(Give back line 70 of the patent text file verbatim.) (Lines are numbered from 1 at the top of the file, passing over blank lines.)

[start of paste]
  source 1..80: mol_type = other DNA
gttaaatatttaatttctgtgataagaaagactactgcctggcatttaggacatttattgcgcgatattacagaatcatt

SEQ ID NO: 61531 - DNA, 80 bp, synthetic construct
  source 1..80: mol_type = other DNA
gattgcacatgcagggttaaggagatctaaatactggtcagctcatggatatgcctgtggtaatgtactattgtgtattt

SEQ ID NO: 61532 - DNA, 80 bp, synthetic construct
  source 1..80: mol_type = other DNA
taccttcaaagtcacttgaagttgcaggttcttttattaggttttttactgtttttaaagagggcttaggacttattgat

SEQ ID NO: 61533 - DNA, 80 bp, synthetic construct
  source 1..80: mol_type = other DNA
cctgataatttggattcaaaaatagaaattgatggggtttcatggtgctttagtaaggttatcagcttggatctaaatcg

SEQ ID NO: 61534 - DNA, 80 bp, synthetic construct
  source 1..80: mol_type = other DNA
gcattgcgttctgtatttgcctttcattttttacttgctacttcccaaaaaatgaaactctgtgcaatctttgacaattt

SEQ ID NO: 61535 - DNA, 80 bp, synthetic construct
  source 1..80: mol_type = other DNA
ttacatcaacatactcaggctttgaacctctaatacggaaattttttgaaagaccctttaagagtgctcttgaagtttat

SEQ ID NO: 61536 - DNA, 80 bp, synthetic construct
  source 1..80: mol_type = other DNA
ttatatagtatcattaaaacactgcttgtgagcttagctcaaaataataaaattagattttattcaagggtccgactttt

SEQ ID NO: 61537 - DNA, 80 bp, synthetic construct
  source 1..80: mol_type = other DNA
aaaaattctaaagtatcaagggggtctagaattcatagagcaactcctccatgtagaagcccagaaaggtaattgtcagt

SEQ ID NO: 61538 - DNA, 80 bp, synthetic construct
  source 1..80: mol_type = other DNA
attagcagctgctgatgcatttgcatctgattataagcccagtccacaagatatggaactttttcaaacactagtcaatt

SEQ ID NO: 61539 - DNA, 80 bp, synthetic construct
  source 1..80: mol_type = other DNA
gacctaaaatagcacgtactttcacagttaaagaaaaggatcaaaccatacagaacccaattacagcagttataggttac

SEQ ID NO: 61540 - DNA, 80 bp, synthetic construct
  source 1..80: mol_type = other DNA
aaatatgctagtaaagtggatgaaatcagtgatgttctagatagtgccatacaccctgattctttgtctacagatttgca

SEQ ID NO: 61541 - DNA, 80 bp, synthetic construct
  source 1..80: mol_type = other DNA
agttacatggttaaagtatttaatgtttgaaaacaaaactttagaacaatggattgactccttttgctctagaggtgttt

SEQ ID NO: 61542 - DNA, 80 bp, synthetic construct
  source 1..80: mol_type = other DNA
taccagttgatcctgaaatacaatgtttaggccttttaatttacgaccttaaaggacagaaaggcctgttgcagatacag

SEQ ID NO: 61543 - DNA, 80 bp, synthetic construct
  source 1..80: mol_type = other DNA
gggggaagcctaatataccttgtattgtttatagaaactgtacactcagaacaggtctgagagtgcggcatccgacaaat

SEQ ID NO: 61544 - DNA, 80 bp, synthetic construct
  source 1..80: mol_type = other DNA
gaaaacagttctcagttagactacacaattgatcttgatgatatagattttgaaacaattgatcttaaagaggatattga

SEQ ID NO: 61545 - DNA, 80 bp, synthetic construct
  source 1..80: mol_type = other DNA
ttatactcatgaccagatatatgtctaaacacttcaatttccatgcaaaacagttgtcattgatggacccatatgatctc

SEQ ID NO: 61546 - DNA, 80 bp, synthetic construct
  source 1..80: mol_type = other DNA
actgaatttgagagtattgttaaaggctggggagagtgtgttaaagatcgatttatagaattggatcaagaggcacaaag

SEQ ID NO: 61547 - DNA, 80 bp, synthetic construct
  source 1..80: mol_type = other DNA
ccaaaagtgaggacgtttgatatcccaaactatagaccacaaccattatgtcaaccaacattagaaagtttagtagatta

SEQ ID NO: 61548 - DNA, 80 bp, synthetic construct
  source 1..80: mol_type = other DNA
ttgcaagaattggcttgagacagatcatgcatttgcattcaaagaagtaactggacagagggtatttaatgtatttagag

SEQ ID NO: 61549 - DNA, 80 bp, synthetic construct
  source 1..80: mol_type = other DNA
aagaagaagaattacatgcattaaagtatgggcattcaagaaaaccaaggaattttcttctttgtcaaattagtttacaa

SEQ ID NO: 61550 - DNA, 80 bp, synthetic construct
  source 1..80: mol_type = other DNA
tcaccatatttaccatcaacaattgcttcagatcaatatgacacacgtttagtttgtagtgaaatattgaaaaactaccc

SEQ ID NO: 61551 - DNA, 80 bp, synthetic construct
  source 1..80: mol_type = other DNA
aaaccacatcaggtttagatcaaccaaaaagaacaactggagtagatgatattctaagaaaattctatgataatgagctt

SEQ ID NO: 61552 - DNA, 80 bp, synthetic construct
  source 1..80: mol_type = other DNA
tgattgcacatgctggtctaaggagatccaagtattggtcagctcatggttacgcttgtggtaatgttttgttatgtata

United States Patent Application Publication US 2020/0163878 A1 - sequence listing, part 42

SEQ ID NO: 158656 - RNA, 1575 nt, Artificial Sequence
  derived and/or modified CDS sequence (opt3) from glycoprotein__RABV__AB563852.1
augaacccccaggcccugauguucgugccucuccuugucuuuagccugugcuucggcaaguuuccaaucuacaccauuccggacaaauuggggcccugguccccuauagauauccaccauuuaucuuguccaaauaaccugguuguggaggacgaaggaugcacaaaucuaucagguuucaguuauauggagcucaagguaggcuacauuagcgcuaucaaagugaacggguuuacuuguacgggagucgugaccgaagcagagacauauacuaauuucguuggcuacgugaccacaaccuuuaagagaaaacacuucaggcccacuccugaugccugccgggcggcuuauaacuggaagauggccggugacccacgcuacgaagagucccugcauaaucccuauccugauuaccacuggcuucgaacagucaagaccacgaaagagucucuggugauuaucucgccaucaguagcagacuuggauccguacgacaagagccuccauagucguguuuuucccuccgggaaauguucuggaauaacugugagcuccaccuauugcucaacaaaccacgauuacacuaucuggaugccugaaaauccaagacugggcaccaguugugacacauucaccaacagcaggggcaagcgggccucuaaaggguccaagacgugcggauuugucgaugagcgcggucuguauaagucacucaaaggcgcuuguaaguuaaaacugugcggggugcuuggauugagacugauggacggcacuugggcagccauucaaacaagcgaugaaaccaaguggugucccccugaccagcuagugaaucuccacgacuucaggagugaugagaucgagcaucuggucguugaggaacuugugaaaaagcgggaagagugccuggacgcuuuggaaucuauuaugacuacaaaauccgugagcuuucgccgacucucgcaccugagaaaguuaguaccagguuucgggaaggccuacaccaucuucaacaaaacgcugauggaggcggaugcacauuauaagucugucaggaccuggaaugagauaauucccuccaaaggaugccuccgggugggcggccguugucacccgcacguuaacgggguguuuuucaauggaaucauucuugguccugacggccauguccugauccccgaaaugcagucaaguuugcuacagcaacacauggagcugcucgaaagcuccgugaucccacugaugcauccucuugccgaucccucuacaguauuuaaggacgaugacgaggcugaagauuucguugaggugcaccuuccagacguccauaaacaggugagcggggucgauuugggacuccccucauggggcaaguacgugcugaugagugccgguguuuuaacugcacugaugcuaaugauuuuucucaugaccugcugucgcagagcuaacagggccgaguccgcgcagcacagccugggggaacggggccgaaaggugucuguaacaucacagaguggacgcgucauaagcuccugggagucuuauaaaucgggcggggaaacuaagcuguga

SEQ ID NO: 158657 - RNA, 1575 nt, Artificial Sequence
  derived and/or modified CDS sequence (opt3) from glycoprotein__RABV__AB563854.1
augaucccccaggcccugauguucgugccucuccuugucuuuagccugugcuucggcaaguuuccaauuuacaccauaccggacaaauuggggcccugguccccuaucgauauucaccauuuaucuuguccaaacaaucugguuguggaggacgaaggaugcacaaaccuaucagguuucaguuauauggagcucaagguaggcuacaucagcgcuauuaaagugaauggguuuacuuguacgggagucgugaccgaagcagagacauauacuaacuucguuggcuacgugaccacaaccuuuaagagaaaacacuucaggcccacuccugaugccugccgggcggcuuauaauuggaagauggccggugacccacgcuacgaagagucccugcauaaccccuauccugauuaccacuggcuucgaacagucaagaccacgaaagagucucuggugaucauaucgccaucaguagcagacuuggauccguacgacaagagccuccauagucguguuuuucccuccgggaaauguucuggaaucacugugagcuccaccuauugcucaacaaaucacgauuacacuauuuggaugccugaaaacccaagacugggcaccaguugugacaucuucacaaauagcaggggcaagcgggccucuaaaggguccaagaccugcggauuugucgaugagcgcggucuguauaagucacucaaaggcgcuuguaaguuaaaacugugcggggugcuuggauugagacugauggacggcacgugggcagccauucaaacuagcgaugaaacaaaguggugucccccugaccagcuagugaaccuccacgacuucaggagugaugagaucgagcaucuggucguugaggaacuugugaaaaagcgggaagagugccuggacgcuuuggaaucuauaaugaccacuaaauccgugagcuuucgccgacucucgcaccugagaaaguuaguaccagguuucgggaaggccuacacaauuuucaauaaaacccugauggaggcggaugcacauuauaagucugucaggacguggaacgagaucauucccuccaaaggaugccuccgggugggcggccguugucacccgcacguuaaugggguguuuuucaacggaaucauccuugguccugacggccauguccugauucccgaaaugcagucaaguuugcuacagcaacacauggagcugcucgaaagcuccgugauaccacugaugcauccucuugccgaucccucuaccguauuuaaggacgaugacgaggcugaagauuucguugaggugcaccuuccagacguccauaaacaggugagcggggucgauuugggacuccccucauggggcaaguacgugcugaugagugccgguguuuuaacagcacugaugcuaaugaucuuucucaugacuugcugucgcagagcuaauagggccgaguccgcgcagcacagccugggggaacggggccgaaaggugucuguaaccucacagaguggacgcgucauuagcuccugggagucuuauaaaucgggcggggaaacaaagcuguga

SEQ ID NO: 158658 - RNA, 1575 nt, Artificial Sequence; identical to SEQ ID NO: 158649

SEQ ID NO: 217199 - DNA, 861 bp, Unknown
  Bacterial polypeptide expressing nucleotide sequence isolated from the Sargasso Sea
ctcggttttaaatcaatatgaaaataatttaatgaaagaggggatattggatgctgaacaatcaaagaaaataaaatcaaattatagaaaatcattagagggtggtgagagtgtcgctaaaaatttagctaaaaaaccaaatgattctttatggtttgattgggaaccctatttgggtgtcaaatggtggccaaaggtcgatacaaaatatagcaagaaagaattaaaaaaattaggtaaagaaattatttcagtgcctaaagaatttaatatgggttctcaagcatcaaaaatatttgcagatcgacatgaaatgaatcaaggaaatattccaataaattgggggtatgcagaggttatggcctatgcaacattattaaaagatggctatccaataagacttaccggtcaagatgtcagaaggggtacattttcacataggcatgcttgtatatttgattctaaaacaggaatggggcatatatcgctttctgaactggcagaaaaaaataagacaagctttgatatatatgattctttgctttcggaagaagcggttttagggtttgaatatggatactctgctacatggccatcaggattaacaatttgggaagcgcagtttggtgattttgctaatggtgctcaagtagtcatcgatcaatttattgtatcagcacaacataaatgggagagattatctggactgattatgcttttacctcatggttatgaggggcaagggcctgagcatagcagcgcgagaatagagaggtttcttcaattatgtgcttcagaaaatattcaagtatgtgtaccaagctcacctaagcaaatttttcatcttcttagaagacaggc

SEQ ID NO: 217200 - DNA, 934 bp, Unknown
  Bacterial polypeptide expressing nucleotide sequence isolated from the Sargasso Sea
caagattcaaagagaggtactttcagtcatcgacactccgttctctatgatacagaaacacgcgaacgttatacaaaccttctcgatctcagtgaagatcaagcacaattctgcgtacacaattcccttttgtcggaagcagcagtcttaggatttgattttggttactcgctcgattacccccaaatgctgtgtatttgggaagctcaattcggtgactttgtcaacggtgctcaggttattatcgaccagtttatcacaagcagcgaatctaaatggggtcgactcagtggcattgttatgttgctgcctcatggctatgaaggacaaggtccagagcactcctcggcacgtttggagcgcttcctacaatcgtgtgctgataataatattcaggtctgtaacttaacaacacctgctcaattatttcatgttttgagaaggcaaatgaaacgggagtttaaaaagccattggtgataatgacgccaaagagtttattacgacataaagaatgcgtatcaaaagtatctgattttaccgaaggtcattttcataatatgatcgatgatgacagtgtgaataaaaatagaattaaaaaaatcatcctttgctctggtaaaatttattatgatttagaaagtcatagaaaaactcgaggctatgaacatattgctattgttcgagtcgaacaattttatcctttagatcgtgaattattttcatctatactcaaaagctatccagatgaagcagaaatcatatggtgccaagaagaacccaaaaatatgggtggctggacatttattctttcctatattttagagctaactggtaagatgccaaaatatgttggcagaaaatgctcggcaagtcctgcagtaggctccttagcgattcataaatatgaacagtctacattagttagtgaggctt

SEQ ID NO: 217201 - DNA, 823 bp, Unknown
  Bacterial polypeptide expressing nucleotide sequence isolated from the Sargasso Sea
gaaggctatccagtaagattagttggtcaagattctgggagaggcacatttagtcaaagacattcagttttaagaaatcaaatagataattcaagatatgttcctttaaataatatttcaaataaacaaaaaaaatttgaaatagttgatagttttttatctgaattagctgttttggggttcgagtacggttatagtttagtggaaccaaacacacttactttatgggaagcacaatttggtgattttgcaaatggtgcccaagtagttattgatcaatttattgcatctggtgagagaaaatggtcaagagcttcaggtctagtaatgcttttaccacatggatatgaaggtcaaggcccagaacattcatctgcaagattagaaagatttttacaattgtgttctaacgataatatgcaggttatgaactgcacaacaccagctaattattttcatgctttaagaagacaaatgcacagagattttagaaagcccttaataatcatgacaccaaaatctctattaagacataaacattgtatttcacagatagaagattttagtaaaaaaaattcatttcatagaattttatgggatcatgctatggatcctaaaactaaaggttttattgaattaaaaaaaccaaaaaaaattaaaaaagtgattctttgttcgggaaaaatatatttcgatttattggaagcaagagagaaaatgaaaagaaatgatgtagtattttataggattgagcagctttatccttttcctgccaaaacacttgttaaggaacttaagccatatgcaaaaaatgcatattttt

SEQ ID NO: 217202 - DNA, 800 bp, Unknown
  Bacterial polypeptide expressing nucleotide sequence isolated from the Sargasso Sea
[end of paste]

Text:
SEQ ID NO: 158656 - RNA, 1575 nt, Artificial Sequence